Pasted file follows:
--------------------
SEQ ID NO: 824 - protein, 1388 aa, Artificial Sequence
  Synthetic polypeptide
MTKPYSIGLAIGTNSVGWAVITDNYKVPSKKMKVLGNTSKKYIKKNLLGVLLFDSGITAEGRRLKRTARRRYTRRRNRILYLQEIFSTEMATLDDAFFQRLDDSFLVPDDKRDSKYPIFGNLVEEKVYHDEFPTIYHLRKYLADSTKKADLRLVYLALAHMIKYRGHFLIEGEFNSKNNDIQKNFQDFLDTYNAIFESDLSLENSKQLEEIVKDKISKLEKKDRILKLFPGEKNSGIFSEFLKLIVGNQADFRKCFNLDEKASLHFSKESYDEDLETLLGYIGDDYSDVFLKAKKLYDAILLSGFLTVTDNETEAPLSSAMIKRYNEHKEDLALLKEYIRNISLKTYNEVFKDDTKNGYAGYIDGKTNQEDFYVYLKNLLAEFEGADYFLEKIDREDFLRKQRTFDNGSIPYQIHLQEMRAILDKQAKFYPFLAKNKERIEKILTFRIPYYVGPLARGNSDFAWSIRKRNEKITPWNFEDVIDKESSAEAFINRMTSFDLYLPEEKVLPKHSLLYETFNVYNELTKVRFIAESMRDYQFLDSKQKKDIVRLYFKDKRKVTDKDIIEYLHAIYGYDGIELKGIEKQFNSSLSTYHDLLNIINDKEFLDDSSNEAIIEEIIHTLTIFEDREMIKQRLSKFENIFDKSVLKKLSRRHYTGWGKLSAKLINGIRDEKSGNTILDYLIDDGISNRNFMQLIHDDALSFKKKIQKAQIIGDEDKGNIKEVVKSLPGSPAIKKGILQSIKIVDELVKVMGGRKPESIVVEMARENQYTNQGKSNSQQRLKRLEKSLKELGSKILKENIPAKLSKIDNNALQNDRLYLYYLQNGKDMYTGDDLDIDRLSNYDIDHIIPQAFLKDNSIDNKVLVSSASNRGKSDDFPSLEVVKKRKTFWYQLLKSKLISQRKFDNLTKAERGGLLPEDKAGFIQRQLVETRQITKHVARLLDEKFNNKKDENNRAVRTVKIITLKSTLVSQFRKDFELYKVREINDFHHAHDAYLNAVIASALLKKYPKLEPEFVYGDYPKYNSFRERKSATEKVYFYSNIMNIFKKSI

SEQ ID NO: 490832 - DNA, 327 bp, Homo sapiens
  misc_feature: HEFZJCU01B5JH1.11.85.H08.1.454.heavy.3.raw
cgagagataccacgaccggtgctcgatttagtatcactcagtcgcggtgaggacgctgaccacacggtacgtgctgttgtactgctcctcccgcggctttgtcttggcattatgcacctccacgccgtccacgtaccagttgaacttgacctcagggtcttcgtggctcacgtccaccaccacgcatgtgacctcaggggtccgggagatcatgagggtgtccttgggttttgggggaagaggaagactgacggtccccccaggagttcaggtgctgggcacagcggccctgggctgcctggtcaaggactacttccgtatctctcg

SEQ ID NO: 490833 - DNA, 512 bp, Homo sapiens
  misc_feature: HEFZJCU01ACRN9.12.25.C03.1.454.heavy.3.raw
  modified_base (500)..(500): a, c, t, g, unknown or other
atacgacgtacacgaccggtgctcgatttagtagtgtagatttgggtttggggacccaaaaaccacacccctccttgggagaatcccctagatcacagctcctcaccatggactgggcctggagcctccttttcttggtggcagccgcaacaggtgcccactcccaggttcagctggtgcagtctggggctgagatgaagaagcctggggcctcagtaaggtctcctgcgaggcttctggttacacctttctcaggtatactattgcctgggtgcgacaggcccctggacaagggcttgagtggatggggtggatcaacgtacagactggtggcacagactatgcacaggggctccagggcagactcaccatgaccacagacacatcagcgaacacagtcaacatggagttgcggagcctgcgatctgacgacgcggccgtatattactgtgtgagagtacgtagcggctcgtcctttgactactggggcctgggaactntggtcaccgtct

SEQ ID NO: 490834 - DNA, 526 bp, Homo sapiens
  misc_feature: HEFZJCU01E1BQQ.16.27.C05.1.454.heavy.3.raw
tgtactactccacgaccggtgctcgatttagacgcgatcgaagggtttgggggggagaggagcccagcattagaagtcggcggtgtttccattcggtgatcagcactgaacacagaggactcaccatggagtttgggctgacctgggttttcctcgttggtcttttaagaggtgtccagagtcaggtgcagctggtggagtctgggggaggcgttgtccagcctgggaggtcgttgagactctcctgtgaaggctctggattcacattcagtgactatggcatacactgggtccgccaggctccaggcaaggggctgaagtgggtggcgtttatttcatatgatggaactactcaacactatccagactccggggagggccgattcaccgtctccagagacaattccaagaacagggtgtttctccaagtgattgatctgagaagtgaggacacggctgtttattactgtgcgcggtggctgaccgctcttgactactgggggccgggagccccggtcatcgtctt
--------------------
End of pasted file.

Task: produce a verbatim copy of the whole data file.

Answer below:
SEQ ID NO: 824 - protein, 1388 aa, Artificial Sequence
  Synthetic polypeptide
MTKPYSIGLAIGTNSVGWAVITDNYKVPSKKMKVLGNTSKKYIKKNLLGVLLFDSGITAEGRRLKRTARRRYTRRRNRILYLQEIFSTEMATLDDAFFQRLDDSFLVPDDKRDSKYPIFGNLVEEKVYHDEFPTIYHLRKYLADSTKKADLRLVYLALAHMIKYRGHFLIEGEFNSKNNDIQKNFQDFLDTYNAIFESDLSLENSKQLEEIVKDKISKLEKKDRILKLFPGEKNSGIFSEFLKLIVGNQADFRKCFNLDEKASLHFSKESYDEDLETLLGYIGDDYSDVFLKAKKLYDAILLSGFLTVTDNETEAPLSSAMIKRYNEHKEDLALLKEYIRNISLKTYNEVFKDDTKNGYAGYIDGKTNQEDFYVYLKNLLAEFEGADYFLEKIDREDFLRKQRTFDNGSIPYQIHLQEMRAILDKQAKFYPFLAKNKERIEKILTFRIPYYVGPLARGNSDFAWSIRKRNEKITPWNFEDVIDKESSAEAFINRMTSFDLYLPEEKVLPKHSLLYETFNVYNELTKVRFIAESMRDYQFLDSKQKKDIVRLYFKDKRKVTDKDIIEYLHAIYGYDGIELKGIEKQFNSSLSTYHDLLNIINDKEFLDDSSNEAIIEEIIHTLTIFEDREMIKQRLSKFENIFDKSVLKKLSRRHYTGWGKLSAKLINGIRDEKSGNTILDYLIDDGISNRNFMQLIHDDALSFKKKIQKAQIIGDEDKGNIKEVVKSLPGSPAIKKGILQSIKIVDELVKVMGGRKPESIVVEMARENQYTNQGKSNSQQRLKRLEKSLKELGSKILKENIPAKLSKIDNNALQNDRLYLYYLQNGKDMYTGDDLDIDRLSNYDIDHIIPQAFLKDNSIDNKVLVSSASNRGKSDDFPSLEVVKKRKTFWYQLLKSKLISQRKFDNLTKAERGGLLPEDKAGFIQRQLVETRQITKHVARLLDEKFNNKKDENNRAVRTVKIITLKSTLVSQFRKDFELYKVREINDFHHAHDAYLNAVIASALLKKYPKLEPEFVYGDYPKYNSFRERKSATEKVYFYSNIMNIFKKSI

SEQ ID NO: 490832 - DNA, 327 bp, Homo sapiens
  misc_feature: HEFZJCU01B5JH1.11.85.H08.1.454.heavy.3.raw
cgagagataccacgaccggtgctcgatttagtatcactcagtcgcggtgaggacgctgaccacacggtacgtgctgttgtactgctcctcccgcggctttgtcttggcattatgcacctccacgccgtccacgtaccagttgaacttgacctcagggtcttcgtggctcacgtccaccaccacgcatgtgacctcaggggtccgggagatcatgagggtgtccttgggttttgggggaagaggaagactgacggtccccccaggagttcaggtgctgggcacagcggccctgggctgcctggtcaaggactacttccgtatctctcg

SEQ ID NO: 490833 - DNA, 512 bp, Homo sapiens
  misc_feature: HEFZJCU01ACRN9.12.25.C03.1.454.heavy.3.raw
  modified_base (500)..(500): a, c, t, g, unknown or other
atacgacgtacacgaccggtgctcgatttagtagtgtagatttgggtttggggacccaaaaaccacacccctccttgggagaatcccctagatcacagctcctcaccatggactgggcctggagcctccttttcttggtggcagccgcaacaggtgcccactcccaggttcagctggtgcagtctggggctgagatgaagaagcctggggcctcagtaaggtctcctgcgaggcttctggttacacctttctcaggtatactattgcctgggtgcgacaggcccctggacaagggcttgagtggatggggtggatcaacgtacagactggtggcacagactatgcacaggggctccagggcagactcaccatgaccacagacacatcagcgaacacagtcaacatggagttgcggagcctgcgatctgacgacgcggccgtatattactgtgtgagagtacgtagcggctcgtcctttgactactggggcctgggaactntggtcaccgtct

SEQ ID NO: 490834 - DNA, 526 bp, Homo sapiens
  misc_feature: HEFZJCU01E1BQQ.16.27.C05.1.454.heavy.3.raw
tgtactactccacgaccggtgctcgatttagacgcgatcgaagggtttgggggggagaggagcccagcattagaagtcggcggtgtttccattcggtgatcagcactgaacacagaggactcaccatggagtttgggctgacctgggttttcctcgttggtcttttaagaggtgtccagagtcaggtgcagctggtggagtctgggggaggcgttgtccagcctgggaggtcgttgagactctcctgtgaaggctctggattcacattcagtgactatggcatacactgggtccgccaggctccaggcaaggggctgaagtgggtggcgtttatttcatatgatggaactactcaacactatccagactccggggagggccgattcaccgtctccagagacaattccaagaacagggtgtttctccaagtgattgatctgagaagtgaggacacggctgtttattactgtgcgcggtggctgaccgctcttgactactgggggccgggagccccggtcatcgtctt